The implications of the economic and financial downturn on drug development and outsourcing was an important theme at DCAT
Week, the annual gathering of the Drug, Chemical, and Associated Technologies Association (DCAT). DCAT consists of companies
that manufacture, distribute, or provide services to the pharmaceutical, chemical, and nutritional industries.
Patricia Van Arnum
Tightening credit and financing into small- and medium-sized pharmaceutical companies is reducing the number of drug candidates
and is forcing companies to proceed in a step-wise fashion in development and in outsourcing work related to those projects.
As one small pharma company observed: "The days of getting a multimillion dollar deal to fund development are over. Investors
are making smaller investments and waiting to see how the project progresses before further investing. We have to proceed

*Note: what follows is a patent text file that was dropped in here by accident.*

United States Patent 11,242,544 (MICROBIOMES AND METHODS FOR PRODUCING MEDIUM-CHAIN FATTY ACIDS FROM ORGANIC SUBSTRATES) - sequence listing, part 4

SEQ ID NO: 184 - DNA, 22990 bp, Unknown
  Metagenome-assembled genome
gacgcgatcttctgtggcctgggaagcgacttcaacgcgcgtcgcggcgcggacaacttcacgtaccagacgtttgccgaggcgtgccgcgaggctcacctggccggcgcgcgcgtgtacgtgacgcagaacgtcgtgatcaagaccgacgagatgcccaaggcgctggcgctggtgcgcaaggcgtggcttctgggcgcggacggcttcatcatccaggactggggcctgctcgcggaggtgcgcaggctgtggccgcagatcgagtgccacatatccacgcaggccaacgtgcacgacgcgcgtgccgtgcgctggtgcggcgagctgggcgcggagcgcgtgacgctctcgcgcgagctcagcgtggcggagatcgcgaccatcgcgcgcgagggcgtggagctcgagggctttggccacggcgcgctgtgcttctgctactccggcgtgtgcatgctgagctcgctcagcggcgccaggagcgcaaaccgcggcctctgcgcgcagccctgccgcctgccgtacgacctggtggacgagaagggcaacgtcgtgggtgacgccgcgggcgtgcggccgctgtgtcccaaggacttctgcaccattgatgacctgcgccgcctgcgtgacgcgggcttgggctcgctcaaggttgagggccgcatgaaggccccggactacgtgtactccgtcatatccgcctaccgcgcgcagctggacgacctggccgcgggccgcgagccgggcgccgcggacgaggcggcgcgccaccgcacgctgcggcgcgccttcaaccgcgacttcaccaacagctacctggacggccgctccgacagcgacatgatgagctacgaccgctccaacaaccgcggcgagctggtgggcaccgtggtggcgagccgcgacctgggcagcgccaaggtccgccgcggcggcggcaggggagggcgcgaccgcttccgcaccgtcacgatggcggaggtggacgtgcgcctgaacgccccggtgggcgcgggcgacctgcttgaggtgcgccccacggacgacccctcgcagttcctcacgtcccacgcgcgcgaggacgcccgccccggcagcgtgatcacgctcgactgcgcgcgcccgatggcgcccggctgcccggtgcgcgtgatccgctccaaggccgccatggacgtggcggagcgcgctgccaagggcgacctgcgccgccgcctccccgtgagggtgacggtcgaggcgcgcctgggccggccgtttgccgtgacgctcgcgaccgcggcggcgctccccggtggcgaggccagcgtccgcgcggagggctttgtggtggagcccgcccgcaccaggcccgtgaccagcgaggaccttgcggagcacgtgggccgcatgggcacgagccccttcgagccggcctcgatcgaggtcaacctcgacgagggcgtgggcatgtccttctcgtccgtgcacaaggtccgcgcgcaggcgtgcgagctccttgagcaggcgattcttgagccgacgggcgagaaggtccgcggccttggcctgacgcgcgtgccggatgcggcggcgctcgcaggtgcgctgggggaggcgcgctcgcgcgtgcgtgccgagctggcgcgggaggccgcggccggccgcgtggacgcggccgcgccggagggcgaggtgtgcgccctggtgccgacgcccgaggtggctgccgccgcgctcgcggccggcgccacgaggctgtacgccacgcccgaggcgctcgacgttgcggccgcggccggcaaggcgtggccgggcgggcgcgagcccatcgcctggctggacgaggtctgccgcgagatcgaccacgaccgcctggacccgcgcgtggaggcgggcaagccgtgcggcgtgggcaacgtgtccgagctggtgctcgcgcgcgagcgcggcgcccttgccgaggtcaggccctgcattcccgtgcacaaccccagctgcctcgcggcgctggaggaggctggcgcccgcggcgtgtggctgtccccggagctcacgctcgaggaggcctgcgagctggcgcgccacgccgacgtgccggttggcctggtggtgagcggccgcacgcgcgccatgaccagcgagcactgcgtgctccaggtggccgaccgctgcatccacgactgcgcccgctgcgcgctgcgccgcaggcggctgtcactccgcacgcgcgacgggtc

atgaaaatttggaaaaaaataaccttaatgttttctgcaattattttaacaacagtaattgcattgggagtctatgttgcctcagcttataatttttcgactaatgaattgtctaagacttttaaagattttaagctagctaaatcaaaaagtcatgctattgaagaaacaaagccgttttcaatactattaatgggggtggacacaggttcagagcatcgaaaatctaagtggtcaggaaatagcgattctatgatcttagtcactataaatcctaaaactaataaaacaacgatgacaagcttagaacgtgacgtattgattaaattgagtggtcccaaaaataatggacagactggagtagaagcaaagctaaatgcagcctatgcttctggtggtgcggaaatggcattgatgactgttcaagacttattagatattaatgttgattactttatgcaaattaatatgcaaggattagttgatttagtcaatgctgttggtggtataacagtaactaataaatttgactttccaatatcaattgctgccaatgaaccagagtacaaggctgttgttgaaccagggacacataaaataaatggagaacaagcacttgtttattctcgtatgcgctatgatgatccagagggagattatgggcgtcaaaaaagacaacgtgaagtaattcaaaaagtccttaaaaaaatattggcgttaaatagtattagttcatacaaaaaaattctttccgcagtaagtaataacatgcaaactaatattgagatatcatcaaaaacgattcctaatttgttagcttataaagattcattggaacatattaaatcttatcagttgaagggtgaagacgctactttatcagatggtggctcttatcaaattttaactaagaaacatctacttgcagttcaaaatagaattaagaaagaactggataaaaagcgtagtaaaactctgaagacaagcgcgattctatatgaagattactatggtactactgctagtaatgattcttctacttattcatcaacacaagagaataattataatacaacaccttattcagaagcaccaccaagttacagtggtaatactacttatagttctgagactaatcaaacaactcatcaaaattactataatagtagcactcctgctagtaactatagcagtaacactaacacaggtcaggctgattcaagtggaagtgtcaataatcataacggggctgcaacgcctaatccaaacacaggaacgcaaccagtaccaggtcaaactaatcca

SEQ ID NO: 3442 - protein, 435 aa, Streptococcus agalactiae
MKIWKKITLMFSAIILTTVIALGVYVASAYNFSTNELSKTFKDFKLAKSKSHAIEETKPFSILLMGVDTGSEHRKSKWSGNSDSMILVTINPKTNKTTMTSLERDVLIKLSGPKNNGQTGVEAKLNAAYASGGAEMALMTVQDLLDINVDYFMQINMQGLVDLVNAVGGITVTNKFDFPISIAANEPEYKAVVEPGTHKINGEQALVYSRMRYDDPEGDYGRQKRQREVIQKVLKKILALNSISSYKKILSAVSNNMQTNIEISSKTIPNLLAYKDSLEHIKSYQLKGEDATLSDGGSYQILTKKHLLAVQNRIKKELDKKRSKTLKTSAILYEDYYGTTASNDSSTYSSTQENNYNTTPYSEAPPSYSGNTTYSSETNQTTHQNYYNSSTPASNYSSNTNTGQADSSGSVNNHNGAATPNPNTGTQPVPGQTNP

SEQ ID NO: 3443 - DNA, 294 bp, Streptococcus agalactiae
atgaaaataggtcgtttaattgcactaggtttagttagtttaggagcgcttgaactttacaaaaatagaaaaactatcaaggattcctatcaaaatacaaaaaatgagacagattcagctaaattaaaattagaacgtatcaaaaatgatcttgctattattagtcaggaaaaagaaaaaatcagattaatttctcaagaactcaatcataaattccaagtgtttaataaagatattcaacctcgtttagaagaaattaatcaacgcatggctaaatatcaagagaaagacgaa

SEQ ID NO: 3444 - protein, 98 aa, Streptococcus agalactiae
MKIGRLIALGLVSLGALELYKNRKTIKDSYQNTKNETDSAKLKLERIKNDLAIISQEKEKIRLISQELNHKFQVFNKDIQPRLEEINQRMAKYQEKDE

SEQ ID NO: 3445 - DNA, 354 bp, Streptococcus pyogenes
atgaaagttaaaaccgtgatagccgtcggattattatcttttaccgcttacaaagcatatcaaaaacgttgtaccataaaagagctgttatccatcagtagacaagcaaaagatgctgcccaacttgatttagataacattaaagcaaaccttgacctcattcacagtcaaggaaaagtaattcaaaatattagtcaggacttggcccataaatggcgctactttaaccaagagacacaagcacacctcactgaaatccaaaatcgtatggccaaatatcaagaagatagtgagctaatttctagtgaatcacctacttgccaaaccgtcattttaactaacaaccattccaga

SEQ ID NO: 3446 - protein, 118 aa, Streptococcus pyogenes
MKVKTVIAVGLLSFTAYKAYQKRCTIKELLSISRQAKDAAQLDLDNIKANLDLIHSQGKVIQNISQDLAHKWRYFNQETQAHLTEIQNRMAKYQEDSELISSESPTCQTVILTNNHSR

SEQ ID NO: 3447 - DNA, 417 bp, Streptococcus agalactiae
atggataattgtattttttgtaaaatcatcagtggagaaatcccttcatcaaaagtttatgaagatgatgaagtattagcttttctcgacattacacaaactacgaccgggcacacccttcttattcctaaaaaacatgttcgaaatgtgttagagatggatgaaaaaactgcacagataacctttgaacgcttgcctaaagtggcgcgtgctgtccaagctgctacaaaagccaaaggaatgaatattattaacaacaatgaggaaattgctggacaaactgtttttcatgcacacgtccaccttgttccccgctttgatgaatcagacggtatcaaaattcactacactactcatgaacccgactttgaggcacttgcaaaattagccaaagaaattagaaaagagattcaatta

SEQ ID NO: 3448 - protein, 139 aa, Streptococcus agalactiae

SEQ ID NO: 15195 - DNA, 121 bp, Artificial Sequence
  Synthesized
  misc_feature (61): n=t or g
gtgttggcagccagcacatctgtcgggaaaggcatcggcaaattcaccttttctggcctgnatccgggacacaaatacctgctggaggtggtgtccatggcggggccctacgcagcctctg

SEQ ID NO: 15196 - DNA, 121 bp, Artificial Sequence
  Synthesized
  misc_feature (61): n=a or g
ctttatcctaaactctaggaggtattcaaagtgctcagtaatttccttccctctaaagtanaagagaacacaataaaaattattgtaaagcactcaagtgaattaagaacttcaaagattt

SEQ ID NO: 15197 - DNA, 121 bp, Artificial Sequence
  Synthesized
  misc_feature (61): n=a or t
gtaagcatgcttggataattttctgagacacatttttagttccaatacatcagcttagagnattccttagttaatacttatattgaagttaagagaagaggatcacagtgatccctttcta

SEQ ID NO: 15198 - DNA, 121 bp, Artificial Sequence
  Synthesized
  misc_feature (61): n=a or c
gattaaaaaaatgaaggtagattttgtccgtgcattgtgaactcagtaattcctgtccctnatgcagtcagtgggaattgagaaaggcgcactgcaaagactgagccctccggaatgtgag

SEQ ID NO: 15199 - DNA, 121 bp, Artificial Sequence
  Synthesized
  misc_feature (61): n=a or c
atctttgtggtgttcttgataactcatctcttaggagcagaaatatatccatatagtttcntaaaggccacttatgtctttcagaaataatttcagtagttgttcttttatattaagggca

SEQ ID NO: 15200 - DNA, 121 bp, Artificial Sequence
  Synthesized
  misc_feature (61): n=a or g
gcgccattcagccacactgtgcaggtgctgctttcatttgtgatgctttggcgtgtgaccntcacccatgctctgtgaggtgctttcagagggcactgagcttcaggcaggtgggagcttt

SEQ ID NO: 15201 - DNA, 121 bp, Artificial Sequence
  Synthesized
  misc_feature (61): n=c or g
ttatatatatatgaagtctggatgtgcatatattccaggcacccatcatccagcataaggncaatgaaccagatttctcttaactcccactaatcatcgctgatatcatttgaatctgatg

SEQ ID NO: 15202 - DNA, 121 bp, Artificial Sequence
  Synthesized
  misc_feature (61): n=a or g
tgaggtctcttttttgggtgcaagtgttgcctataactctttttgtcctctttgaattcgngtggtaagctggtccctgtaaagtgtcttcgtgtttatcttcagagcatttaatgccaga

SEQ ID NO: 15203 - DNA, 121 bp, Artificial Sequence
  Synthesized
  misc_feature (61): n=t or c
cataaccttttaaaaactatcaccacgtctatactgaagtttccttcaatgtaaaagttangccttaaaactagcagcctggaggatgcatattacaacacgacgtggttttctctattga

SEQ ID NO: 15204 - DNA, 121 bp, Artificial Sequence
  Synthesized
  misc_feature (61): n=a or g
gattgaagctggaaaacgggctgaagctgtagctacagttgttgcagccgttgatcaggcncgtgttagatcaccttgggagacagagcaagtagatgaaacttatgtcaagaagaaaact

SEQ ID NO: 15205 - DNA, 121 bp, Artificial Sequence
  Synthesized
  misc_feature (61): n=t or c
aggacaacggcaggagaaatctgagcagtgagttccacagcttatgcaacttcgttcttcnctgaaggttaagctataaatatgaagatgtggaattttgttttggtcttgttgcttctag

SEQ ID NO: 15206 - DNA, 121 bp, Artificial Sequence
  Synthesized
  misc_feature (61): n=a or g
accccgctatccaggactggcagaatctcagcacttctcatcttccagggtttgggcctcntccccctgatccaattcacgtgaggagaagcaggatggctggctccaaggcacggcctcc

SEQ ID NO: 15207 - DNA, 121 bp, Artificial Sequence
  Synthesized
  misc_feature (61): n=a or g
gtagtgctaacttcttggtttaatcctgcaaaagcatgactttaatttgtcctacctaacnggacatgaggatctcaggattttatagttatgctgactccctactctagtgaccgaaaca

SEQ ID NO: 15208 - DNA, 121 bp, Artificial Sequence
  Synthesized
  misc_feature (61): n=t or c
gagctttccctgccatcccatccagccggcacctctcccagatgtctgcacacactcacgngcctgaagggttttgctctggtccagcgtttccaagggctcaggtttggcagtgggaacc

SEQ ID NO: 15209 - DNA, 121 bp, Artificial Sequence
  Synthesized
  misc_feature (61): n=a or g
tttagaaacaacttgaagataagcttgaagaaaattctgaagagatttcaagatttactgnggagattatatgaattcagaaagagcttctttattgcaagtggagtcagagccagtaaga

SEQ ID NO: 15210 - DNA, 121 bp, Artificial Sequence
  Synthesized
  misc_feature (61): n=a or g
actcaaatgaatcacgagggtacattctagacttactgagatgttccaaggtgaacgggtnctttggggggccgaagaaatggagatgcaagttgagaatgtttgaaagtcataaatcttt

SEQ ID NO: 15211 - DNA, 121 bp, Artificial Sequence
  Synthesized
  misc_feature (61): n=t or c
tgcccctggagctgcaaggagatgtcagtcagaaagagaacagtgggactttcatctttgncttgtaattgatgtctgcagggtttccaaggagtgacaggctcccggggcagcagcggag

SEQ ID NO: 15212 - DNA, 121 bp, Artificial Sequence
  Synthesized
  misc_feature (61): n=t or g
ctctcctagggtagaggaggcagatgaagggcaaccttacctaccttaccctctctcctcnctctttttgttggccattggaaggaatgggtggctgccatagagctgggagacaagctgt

Short-term caution is one effect, but there is also long-term impact. Fewer projects in early-phase development translate
into less candidates going forward and casts an obvious shadow on future outsourcing not only from the small to medium-sized
companies, but also from the large pharmaceutical companies. Big Pharma is seeing attractive prices for smaller drug companies.
Although potential acquisitions will save certain drug candidates from the financial chopping block, further attrition is
likely as these smaller companies' portfolios are absorbed and evaluated in Big Pharma's pipeline. The ripple effect from
this smaller pool of drug candidates bodes ominously for future outsourcing.
Patricia Van Arnum is a senior editor of Pharmaceutical Technology.